Laughing as I threw a small red ball around my desktop — that’s my earliest memory of using KDE.

kde bouncing ball right

That little red ball was a KDE widget that could be added to the desktop. A quick flick  of the moue is all it took to send the ball ricochetting off the bounds of your desktop workspace, boinging and banging, from top to bottom, side to side, over and over, until it slowly expended all its energy and jogged to a slow halt.

Absolutely pointless, utterly ridiculous — and something I totally hadn’t thought about again until a chance encounter on YouTube earlier this week.

The ball bounces again — see THIS post for more details.

A Bouncing Red Ball, Because Why Not

For a bit of fluff I imagine some time went in to creating the bouncy ball widget. Proper calculations, logic and physics must have been crafted to control how the ball bounced because it reacted to force and height, and you could control its speed.

The latter setting was also a danger. Get too playful with the speed and velocity options and you’d end up with a ball you couldn’t catch, as detailed in a forum post of the time:

“I played around with KDE widgets, and decided to try ‘bouncy ball’, it’s a big red ball that bounce around on your desktop. the problem, and here I am not sure if I should blame myself or the ball, is that i adjusted some settings, so that the ball bounces around at a quite high speed, and…. well…. I just can’t catch it…”

Sadly in the (admittedly not deep) research of this article I couldn’t find out who created the widget, nor when it first appeared in KDE.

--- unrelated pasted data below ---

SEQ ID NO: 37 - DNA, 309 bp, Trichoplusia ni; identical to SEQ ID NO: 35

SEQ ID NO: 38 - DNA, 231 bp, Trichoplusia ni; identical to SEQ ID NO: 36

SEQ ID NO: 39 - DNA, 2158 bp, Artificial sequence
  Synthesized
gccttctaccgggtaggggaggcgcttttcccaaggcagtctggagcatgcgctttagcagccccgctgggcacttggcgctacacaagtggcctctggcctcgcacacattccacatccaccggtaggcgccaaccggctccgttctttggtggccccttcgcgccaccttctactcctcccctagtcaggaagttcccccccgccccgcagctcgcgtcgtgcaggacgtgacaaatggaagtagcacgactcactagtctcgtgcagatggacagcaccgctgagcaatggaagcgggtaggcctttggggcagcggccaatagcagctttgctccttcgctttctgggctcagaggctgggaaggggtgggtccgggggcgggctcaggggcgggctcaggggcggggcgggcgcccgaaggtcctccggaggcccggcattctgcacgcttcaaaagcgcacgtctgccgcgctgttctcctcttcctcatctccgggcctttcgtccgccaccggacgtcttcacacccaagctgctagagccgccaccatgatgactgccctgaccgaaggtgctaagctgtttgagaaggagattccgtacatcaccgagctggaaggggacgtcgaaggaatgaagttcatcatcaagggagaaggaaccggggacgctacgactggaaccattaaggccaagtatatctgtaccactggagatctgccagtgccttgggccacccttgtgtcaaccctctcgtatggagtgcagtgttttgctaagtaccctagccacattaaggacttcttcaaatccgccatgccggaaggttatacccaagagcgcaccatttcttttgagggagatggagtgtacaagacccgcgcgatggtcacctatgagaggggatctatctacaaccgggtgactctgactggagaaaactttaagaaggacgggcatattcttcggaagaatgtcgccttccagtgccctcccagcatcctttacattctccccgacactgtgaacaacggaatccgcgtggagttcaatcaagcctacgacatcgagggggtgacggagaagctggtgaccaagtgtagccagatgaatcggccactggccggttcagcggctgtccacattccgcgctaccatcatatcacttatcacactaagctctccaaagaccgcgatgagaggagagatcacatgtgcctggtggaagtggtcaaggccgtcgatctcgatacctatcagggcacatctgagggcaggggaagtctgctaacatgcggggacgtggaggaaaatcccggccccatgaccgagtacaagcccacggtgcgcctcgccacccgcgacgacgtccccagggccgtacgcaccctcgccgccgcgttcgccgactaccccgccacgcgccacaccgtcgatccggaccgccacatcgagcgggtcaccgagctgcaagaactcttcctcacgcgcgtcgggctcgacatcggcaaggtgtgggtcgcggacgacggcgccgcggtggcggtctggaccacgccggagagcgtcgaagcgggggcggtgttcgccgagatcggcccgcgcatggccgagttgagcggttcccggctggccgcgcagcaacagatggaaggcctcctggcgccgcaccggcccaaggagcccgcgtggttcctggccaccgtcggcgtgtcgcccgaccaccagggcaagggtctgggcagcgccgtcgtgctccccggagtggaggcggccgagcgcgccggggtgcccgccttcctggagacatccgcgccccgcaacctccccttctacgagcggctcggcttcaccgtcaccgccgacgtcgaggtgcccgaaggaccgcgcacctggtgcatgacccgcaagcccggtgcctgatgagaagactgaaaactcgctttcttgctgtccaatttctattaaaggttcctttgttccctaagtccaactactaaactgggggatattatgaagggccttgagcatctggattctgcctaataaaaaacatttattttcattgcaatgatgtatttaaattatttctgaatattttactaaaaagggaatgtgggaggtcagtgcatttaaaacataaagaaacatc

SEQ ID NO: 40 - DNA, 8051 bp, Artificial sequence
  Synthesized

But I did learn what became of it.

Widgets Were Everywhere

kde ball widgetAt the time this widget was around desktop widgets were the “in thing”.

Every one seemed to be offering them: Google Desktop; Yahoo Widgets, Windows Gadgets, Apple’s Dashboard and gDesk lets, aDesklets, Screenlets and KDE Plasma widgets on Linux.

Like most desktop widgets the KDE bouncing ball was, of itself, largely pointless. But the relatively randomness of it amidst a set of semi-useful tools, like clocks, battery meters, and app launchers added to its appeal.

And not just to me — cats, the general measure of awesomeness, also loved it.

What Happened to the KDE Bouncy Ball?

KDE dropped the bouncy ball from Plasma add-ons in 2014, reasoning at the time that: “…when trying to develop a professional experience toys and gimicks aren’t a good thing to be shipping by default. The user’s desktop is not a showcase for us to experiment with.

As “gimmicky” as the KDE bouncing ball widget was its existence will have served a purpose. When developers build crazy things like they they push limits, encounter flaws, and highlight areas that benefit for useful things, like improving animations, shadows, frame-rates, etc.

I was only reminded of the bouncing ball widgets existence today, by chance. It’s something I had not thought about for years but being reminded of it put a smile on your face.

I hope this post puts a smile on some of yours!

Gif created from this video.

Opinion Video
#kde #plasma #plasmoids #whatever happened to